An oxidizing or reducing agent, who's mass gains (oxidizing agents) or loses (reducing agents) 6.022 x 1023 electrons in a redox reaction.
The mass of an acid or base that furnishes or reacts with 6.022 x 1023 H3O+ or OH- ions.
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In this paper I describe (theoretically) the method(s) of automated protein discovery and synthesis.
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Most of the microscopes used today are compound. A compound microscope features two or more lenses. A hollow cylinder called the tube connects the two lenses. The top lens, the one people look through, is called the eyepiece. The bottom lens is known as the objective lens. Below the two lenses is...
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People use chemicals every day for a wide array of purposes, which can include work and house hold duties. Many of us fail to realize that we are actually handling potentially deadly chemicals when we simply clean the bathroom or wash the car. This brings to mind the reason why chemical safety is...
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Calibration standards, performance audits, and the FDA's never-ending safety, labeling, and inspection requirements are just the tip of the iceberg when it comes to dealing with the increasingly stringent quality control standards of the beverage industry. As these quality standards become...
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It's getting close to New Years and many people are starting to think about how to lose those extra pounds they managed to gain over the holidays. There are many sorts of diets and fads that have developed over the years from cutting carbs to cutting protein. Everyone has their own opinion as to...
Mass Action Expression
For a reversible reaction, aA + bB cC + dD the product of the concentrations of the products (species on the right), each raised to the power that corresponds to its coefficient in the balanced chemical equation, divided by the product of the concentrations of reactants (species on the left), each raised to the power that corresponds to its coefficient in the balanced chemical equation. At equilibrium the mass action expression is equal to K, at other times it is Q.[C]c[D]d [A]a[B]b = Q, or at equilibrium K.
Electron Deficient Compounds
Compounds that contain at least one atom (other than H) that shares fewer than eight electrons.
An impure form of carbon obtained by destructive distillation of coal or petroleum.
Any kind of matter all specimens of which have the same chemical composition and physical properties.
A state of dynamic balance in which the rates of forward and reverse reactions are equal, there is no net change in concentrations of reactants or products while a system is at equilibrium.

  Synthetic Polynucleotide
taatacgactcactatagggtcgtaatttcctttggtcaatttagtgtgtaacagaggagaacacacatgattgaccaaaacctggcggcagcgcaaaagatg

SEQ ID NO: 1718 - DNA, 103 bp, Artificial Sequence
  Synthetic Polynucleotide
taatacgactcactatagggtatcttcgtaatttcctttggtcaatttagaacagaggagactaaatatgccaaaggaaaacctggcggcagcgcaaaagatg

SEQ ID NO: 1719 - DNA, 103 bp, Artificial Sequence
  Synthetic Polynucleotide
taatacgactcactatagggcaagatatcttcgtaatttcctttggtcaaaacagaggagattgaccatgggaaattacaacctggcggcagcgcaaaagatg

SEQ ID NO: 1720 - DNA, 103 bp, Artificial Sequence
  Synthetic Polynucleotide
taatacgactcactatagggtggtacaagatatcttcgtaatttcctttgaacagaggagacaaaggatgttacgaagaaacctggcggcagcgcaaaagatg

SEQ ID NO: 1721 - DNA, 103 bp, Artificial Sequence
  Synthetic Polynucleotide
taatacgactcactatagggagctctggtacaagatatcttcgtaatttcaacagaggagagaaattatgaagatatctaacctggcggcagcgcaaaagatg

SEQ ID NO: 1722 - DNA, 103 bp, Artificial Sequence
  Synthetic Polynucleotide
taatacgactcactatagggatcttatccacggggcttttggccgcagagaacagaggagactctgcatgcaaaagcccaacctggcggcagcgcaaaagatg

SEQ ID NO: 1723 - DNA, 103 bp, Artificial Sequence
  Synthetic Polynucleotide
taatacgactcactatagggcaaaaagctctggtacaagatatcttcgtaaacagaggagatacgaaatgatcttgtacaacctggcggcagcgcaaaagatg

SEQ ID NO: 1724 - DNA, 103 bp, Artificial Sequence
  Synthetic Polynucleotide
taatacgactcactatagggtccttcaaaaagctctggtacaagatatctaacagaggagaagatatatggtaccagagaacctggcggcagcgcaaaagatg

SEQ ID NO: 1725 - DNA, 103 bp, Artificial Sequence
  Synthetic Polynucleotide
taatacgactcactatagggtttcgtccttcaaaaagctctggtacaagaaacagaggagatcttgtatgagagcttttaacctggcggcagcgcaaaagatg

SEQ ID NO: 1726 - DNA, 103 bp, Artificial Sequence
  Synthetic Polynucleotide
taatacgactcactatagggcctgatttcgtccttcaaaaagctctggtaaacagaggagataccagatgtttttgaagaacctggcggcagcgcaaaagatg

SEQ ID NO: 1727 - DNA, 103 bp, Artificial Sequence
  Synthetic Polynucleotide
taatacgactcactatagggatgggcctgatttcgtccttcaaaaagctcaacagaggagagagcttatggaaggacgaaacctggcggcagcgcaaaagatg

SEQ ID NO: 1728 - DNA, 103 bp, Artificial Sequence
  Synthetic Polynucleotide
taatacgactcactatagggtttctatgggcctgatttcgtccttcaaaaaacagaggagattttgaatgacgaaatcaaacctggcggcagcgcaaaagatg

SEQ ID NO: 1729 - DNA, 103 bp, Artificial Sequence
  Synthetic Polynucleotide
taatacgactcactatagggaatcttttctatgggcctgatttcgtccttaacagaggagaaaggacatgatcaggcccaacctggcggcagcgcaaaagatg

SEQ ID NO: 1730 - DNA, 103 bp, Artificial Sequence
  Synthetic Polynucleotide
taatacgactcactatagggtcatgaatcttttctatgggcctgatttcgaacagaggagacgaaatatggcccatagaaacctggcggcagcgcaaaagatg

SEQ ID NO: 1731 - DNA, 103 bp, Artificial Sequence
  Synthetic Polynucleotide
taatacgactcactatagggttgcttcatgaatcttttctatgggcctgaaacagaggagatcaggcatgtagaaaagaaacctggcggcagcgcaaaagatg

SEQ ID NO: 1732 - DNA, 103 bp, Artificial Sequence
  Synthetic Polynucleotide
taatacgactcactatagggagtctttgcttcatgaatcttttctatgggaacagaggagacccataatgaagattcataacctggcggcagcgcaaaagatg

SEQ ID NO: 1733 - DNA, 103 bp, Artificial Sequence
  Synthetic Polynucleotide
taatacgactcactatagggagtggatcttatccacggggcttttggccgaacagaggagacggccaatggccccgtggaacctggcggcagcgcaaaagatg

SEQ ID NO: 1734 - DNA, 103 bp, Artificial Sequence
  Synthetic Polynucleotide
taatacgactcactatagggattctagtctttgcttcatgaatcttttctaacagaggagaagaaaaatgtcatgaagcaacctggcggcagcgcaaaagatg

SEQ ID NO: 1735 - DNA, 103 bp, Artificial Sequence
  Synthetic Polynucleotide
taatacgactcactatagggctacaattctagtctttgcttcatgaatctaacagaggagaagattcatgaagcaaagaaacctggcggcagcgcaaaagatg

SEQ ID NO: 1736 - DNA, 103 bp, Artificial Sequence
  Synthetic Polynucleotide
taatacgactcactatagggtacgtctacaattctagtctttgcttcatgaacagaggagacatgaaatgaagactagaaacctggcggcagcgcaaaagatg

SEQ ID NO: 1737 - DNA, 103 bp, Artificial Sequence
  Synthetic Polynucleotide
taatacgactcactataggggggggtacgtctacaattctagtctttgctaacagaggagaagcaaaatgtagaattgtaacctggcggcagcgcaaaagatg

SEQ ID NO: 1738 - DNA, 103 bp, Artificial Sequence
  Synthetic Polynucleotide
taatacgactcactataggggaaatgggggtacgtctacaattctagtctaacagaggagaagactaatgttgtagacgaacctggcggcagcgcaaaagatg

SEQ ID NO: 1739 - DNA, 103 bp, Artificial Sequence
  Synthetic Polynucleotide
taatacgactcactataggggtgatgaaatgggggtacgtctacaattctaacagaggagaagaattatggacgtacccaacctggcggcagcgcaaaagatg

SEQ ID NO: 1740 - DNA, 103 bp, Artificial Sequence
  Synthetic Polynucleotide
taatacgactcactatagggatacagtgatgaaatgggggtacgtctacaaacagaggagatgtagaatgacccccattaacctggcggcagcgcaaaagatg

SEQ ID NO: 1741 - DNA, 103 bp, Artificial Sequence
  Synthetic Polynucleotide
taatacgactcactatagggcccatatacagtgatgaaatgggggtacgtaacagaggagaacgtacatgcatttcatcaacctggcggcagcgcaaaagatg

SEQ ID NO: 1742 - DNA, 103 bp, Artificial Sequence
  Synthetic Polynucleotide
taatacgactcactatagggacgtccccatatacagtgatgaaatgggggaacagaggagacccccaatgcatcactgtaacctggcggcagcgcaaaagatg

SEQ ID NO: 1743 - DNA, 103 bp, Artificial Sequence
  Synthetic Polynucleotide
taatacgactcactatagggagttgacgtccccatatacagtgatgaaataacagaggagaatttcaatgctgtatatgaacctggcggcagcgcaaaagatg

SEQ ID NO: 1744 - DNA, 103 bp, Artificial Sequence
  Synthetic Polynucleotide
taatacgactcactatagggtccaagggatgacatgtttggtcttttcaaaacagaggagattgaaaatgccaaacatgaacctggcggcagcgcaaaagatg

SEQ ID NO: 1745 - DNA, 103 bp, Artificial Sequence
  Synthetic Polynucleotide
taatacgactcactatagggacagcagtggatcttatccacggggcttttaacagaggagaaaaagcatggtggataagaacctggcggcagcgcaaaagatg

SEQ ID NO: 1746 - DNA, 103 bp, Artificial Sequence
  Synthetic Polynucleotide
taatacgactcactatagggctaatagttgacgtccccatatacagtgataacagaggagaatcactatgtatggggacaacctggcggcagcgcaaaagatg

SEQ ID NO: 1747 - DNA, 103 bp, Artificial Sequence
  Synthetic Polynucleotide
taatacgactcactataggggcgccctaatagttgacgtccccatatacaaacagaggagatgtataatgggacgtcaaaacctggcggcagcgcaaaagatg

The complex series of reactions by which nitrogen is slowly but continually recycled in the atmosphere, lithosphere and hydrosphere.
Law of Conservation of Matter and Energy
The total amount of matter and energy available in the universe is fixed.
Heat of Crystallization
The amount of heat that must be removed from one gram of a liquid at its freezing point to freeze it with no change in temperature.
A heterogeneous mixture in which solute-like particles settle out of solvent-like phase some time after their introduction.
An atom or a group of atoms that carries an electric charge.
The ability of a substance to be broken down into simpler substances by bacteria.
Spectrum associated with emission of electromagnetic radiation by atoms (or other species) resulting from electronic transitions from higher to lower energy states.
The quantitative application of Faraday's Law to the analysis of materials. The current and time are the usual variables measured.
Elements with properties intermediate between metals and nonmetals: B, Al, Si, Ge, As, Sb, Te, Po, and At.
Atomic Mass Unit (amu)
One twelfth of a mass of an atom of the carbon-12 isotope, a unit used for stating atomic and formula weights, also called dalton.
Short-lived species formed by the collision of dissolved ions of opposite charges.
Isomers in which a particular ligand bonds to a metal ion through different donor atoms.
The smallest particle of an element or compound capable of a stable, independent existence.
The pressure exerted by one gas in a mixture of gases.
First Law of Thermodynamics
The total amount of energy in the universe is constant (also known as the Law of Conservation of Energy) energy is neither created nor destroyed in ordinary chemical reactions and physical changes.